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Thu Jul 23, 2015, 11:30 AM


Will Football Players Someday Take a Concussion Pill?


This seems like a very hopeful discovery!

An experimental treatment helps restore normal brain structure and function in mice that have sustained severe concussions, and could lead to a drug that would do the same in humans, according to new research.

The brains of people who suffer from chronic traumatic encephalopathy (CTE), a progressive neurodegenerative disease that affects people such as boxers and football players with a history of repetitive hard hits to the head, are characterized by fibrous tangles of a protein called tau. It is not known how traumatic brain injury leads to these tangles, which are also found in the brains of people who suffered from Alzheimer’s disease.

Now researchers say they have identified a precursor to the tangles—a misshapen form of tau that appears in the brains of mice shortly after a blow to the head—and have shown that it can be eliminated by a protein, called an antibody, that binds to the misshapen tau and marks it for destruction by the body’s mechanism for clearing damaged or unneeded proteins. In mice that have sustained severe traumatic brain injuries like those commonly sustained by soldiers after a blast or by athletes after a blow to the head, the treatment prevents neurodegeneration and helps restore normal function. This suggests that the misshapen tau is a “major early driver of disease” after traumatic brain injury, say the researchers, and represents a promising drug target. The research was funded by the National Football League Players Association, the National Institutes of Health, and the Alzheimer’s Association.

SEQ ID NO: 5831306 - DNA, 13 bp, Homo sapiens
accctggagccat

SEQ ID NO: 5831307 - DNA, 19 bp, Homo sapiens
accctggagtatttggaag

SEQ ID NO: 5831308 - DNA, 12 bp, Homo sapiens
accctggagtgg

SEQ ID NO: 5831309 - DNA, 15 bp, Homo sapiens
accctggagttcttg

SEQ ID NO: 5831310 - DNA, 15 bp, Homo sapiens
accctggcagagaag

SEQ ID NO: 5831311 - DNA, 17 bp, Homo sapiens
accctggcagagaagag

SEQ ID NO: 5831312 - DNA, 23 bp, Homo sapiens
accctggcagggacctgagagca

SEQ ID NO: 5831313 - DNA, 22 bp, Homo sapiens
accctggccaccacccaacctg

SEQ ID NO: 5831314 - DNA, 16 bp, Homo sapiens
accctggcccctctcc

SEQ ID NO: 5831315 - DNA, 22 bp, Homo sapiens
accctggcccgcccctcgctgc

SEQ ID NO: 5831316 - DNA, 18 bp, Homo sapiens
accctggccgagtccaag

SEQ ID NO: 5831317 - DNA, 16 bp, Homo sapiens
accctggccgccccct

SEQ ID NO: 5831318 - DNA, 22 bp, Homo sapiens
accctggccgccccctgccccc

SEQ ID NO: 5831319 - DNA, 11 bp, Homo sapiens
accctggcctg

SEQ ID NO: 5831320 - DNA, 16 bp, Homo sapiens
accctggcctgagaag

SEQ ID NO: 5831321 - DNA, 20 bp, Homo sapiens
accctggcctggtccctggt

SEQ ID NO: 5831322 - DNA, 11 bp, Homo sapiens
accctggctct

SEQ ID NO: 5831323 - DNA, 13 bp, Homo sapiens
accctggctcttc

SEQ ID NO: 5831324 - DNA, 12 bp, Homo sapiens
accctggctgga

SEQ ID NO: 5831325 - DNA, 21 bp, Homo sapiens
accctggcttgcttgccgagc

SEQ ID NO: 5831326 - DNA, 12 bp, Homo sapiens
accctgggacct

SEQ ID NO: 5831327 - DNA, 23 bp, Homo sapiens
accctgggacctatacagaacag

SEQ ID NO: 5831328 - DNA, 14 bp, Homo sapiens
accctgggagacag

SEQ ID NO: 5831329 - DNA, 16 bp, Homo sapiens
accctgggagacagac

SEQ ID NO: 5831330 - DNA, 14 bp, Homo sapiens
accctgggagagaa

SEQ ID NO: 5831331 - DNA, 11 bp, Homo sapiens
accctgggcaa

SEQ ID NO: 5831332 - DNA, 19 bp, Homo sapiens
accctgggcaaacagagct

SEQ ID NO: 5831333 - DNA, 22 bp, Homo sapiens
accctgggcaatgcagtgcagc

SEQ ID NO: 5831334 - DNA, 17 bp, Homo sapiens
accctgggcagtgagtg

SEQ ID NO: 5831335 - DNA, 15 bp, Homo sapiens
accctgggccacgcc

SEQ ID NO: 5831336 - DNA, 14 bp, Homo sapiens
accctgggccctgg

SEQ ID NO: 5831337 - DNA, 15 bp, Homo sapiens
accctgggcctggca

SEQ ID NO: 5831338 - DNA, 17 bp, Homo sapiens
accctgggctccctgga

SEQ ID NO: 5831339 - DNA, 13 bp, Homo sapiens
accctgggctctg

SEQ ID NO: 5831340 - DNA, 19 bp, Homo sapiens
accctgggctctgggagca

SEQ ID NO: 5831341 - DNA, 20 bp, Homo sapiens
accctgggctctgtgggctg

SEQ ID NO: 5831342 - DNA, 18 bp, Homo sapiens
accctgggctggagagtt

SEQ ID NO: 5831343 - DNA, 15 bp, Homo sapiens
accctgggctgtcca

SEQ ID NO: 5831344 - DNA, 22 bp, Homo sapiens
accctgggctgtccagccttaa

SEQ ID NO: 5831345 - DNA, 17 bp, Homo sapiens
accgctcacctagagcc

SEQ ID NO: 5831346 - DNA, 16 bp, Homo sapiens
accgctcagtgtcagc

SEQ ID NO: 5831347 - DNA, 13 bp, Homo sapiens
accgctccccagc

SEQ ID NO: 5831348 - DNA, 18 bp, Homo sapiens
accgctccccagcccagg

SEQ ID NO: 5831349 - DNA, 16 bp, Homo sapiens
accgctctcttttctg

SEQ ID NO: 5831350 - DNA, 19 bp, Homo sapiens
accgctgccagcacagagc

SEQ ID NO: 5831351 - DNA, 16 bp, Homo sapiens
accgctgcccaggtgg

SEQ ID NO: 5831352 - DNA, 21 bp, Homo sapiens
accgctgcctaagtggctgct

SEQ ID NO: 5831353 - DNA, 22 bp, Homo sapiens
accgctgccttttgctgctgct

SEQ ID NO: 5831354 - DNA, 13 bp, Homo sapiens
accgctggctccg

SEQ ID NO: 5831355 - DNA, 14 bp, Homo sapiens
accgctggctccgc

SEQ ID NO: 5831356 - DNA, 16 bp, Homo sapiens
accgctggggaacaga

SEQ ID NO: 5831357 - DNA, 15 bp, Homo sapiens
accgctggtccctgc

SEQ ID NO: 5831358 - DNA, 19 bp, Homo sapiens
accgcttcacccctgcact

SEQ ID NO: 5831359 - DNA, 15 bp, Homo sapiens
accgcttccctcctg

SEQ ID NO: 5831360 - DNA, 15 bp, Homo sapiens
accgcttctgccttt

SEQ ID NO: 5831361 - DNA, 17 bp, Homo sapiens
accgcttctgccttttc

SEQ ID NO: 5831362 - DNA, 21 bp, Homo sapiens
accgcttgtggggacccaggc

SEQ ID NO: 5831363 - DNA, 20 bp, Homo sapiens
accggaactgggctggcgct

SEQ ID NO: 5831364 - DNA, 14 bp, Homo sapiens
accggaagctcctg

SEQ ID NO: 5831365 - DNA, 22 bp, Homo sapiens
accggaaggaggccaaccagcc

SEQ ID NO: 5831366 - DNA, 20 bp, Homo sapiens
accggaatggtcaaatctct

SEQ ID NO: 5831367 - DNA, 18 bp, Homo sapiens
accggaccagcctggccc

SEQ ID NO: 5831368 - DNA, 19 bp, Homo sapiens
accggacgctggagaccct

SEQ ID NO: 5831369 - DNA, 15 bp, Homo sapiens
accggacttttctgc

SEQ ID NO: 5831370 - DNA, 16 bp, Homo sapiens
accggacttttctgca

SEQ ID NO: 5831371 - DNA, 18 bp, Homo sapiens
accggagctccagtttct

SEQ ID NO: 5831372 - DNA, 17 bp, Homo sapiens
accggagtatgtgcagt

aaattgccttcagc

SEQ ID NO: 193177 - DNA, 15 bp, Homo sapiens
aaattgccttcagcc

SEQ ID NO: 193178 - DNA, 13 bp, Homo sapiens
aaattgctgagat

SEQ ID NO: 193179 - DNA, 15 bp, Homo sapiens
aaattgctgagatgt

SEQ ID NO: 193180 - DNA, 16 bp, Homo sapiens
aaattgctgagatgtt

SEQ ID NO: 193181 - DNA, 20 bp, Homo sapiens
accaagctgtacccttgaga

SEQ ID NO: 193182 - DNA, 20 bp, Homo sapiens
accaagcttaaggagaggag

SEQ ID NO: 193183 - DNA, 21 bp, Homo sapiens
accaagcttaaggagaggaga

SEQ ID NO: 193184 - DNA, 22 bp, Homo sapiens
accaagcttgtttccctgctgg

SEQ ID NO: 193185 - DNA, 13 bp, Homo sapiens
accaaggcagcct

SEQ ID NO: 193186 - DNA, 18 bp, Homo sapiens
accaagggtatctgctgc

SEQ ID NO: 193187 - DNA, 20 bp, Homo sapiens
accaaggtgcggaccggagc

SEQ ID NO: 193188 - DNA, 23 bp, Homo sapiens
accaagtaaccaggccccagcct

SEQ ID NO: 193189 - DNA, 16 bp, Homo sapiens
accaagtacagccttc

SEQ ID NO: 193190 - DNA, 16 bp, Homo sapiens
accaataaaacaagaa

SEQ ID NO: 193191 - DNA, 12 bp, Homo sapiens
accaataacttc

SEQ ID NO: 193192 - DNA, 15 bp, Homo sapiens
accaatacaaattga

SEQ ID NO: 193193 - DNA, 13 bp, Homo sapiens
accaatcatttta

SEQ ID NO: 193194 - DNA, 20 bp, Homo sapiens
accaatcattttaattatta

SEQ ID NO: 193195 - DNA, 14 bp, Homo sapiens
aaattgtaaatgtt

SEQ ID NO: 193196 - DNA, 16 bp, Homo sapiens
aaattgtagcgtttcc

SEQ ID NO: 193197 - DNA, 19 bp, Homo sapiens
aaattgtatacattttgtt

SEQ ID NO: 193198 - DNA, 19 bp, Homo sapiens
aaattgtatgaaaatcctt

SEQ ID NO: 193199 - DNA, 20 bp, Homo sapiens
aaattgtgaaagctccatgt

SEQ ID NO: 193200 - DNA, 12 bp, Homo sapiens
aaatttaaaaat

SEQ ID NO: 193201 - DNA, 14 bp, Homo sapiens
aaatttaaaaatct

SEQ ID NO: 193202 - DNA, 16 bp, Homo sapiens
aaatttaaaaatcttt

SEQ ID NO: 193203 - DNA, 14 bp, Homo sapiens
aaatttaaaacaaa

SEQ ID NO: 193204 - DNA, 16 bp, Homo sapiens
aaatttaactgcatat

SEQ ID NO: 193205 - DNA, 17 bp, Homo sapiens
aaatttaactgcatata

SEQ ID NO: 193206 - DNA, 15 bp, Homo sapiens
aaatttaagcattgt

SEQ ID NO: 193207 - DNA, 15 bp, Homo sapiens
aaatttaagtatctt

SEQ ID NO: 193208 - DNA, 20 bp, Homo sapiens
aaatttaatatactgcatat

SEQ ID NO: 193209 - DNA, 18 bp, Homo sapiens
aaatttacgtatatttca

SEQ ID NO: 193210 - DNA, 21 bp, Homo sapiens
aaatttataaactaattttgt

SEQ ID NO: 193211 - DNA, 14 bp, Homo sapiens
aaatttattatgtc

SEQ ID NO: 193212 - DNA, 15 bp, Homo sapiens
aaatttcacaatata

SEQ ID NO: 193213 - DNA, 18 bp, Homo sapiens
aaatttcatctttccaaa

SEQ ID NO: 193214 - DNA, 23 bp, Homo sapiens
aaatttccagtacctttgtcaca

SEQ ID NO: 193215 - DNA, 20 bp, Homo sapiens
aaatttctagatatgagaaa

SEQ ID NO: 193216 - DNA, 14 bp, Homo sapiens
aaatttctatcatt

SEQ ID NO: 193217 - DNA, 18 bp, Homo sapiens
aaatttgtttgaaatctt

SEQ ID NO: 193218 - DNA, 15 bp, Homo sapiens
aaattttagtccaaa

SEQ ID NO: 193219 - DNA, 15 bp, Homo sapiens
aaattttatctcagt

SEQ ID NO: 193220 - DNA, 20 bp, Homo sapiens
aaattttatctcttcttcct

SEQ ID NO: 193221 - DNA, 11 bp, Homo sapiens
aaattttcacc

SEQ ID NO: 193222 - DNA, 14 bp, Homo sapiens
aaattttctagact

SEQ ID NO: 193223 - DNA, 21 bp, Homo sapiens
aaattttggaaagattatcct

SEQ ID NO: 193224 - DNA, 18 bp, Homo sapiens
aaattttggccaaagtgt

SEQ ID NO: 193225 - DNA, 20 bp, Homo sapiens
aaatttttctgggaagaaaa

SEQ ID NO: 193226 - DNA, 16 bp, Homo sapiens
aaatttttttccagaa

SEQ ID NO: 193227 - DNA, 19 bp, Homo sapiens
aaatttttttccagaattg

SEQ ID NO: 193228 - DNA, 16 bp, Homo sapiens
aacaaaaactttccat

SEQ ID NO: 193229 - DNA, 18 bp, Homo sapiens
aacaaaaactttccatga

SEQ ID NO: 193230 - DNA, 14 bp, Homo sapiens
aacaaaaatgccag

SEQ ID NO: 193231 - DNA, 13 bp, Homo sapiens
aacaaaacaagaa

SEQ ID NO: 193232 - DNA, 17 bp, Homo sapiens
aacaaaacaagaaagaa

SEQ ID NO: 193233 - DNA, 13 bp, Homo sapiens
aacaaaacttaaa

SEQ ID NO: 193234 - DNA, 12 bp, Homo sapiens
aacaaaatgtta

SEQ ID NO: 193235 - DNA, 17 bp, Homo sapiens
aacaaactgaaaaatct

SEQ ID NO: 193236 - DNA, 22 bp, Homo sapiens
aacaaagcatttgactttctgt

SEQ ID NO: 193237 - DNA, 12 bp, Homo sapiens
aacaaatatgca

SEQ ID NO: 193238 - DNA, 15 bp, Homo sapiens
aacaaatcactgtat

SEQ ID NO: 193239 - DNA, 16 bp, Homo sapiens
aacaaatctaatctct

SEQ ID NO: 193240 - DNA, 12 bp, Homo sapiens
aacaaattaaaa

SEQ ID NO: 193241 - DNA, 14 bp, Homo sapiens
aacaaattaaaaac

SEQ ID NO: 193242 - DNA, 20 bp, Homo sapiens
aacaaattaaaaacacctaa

Though the brains of individuals who had CTE are full of tau tangles, until now it has not been clear whether this “tauopathy” is a cause or a consequence of the post-traumatic neurodegeneration, says Kun Ping Lu, a professor of medicine at Harvard Medical School, who led the new research. He says this result confirms that it is a cause.

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